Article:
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Businessmen Going to Bat for Minor League Baseball

June 27, 1985|GARY LIBMAN

At Richard Leavitt's brick, ranch-style home the doorbell plays "Take Me Out to the Ballgame." In a backyard area covered by a net, a pitching machine speeds hardballs up to a home plate. Leavitt, a Brentwood attorney, has recently purchased one more baseball item, the Tri-Cities Triplets, a minor league team.

He and three other L.A. area businessmen who bought the team along with him are indulging in their personal American dream, as are many of the team members, who include a 34-year-old rookie, a player suspended for fighting and released by the Atlanta Braves organization and a former high school outfielder trying his hand as a pitcher.

Bankrolling the Team

Shoulder surgery patched up the star shortstop two years ago. A Dodgers minor league team released the centerfielder and the Cincinnati organization released the cleanup hitter.

Leavitt's team plays in the eight-team Northwest rookie league in Oregon and Washington on a budget of about $250,000 a year. The other seven teams are affiliated with major league organizations, which pay the teams' expenses and furnish players. Leavitt and his three partners--Jerry Salzman of Whittier and Marvin Levine and Sam Goldstein (whose ownership was a gift from his wife, Florence), also of Brentwood--are bankrolling the team independently. They must find their own players and pay all expenses.

Last Chance for Rejects

But the fact that he is providing a last chance for players rejected by other teams is no drawback to a lifelong baseball fan like Leavitt, 50, who works out regularly in his batting cage to keep in shape for the fast-pitch softball team he still plays on.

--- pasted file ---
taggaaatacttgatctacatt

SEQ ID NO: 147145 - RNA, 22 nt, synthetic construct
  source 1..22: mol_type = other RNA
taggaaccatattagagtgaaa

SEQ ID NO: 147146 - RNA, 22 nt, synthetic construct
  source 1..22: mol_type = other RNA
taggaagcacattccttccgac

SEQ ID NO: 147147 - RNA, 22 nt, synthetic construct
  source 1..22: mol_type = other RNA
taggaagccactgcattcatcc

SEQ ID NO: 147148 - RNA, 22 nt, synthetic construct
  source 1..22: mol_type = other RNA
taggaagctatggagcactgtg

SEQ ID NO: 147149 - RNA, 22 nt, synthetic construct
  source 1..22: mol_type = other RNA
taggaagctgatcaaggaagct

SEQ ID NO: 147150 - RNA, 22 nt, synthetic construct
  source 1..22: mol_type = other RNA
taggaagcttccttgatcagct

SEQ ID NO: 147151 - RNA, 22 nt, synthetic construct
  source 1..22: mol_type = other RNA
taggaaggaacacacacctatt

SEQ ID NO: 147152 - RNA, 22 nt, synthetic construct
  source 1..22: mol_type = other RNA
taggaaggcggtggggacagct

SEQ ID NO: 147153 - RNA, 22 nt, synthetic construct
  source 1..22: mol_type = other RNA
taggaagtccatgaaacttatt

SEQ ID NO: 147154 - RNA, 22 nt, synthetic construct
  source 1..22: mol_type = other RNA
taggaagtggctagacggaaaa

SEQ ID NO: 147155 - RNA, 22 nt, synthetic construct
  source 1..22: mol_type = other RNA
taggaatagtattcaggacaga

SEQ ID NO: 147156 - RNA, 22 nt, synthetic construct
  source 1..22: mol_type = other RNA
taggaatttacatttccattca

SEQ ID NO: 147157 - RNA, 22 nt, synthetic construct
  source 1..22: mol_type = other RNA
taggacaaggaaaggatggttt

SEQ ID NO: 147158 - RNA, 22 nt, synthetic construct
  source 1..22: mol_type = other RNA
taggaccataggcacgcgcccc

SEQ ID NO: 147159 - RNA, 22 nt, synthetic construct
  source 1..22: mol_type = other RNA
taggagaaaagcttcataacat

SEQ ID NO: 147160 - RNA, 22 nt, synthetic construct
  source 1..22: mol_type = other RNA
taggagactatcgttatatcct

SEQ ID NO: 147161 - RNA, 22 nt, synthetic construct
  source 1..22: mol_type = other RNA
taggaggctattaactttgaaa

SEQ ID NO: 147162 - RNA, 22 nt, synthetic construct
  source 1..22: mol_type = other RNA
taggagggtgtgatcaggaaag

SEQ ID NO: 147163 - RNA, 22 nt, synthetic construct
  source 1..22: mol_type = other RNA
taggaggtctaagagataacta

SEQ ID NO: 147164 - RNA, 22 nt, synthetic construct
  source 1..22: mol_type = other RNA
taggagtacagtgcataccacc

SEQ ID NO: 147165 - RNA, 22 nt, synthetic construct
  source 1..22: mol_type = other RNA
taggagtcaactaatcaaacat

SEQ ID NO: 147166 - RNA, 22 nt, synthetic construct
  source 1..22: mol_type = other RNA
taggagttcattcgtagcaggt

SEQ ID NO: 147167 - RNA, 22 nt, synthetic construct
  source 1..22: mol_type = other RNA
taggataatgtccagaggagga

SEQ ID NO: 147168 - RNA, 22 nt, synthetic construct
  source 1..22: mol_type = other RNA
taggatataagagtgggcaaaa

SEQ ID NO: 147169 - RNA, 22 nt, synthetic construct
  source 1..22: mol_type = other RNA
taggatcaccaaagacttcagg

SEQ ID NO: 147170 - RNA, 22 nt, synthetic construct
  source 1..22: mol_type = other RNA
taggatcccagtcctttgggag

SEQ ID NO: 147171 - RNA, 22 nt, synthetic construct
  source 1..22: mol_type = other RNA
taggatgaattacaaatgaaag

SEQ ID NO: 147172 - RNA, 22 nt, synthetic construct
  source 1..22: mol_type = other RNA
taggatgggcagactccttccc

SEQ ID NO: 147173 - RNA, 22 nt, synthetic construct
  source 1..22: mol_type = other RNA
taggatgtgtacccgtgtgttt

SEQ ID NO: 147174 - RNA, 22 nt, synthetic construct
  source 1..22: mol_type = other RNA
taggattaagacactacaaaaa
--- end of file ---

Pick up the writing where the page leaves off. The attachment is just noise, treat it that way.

Two years ago Leavitt attended the first spring training baseball camp for adults put on by former Chicago Cubs. He kept his uniform and, he said, one night last season at Dodger Stadium he slipped into the uniform in a restroom, walked onto the field and worked out with the Cubs before the game. He asked to sit on the bench during the game but was told by the Cubs, who thought he was a former player, that there was a rule against it.

In a remodeled backyard game room, which serves as his office, surrounded by major league baseball bats and pictures of his favorite boyhood teams, Leavitt said he wanted to be a major league baseball pitcher and had a tryout with the Cleveland Indians.

"But I hurt my arm and couldn't pitch anymore so I never really had a chance," he said.

"My theory is that I wasn't good enough to play and not smart enough to manage, so the only thing left was ownership."

The corporate securities attorney had recently cut back his law practice and moved his office from West Los Angeles to his home in order to "do activities I like" and "only take legal clients with whom I enjoy working."

Wall Street Journal Ad

So when a friend pointed out a Wall Street Journal advertisement for a minor-league baseball team, he was interested.

"I was at the stage in my career where I could do that if I wanted to," he said.

Leavitt and Salzman, a CPA and former vice president of Hollywood Park race track, flew to Richland, Wash., to check the team out.

"The financial statement showed that the team had made money for two years. And it looked like an opportunity, so I said, 'Let's do it,' " Leavitt recalled. (He declined to say what they paid for the team.)

"This is work," he said. "You get some cooperation from the league and other people in baseball but each owner is responsible for his operation and there aren't a lot of shoulders to lean on.

"We want to run the team well from a business standpoint and we want to win on the field. If it's more work than it is fun, I won't stay. But initially it has to be viewed as a long-term project."

Lure of Tri-City Area

What Leavitt and Salzman found on their trip to Washington was three cities--Richland, Kennewick and Pasco--in the southeast corner of the state in a desert area made green by Columbia River water.

They also found that the 114,000 residents of the Tri-City area had a median household buying income of $30,497, which ranked 14th among metropolitan areas in the nation according to a survey by Sales & Marketing Management magazine.

Much of that income is based on agriculture, but a great deal of it is derived from the nuclear industry. The 570-square-mile Hanford Reservation contains government and government-related nuclear projects run by private industry. Approximately 13,000 people work at the reservation or in related industries.

Leavitt and Salzman thought that a town built of these economic resources would support a team, but they needed to build the team first.

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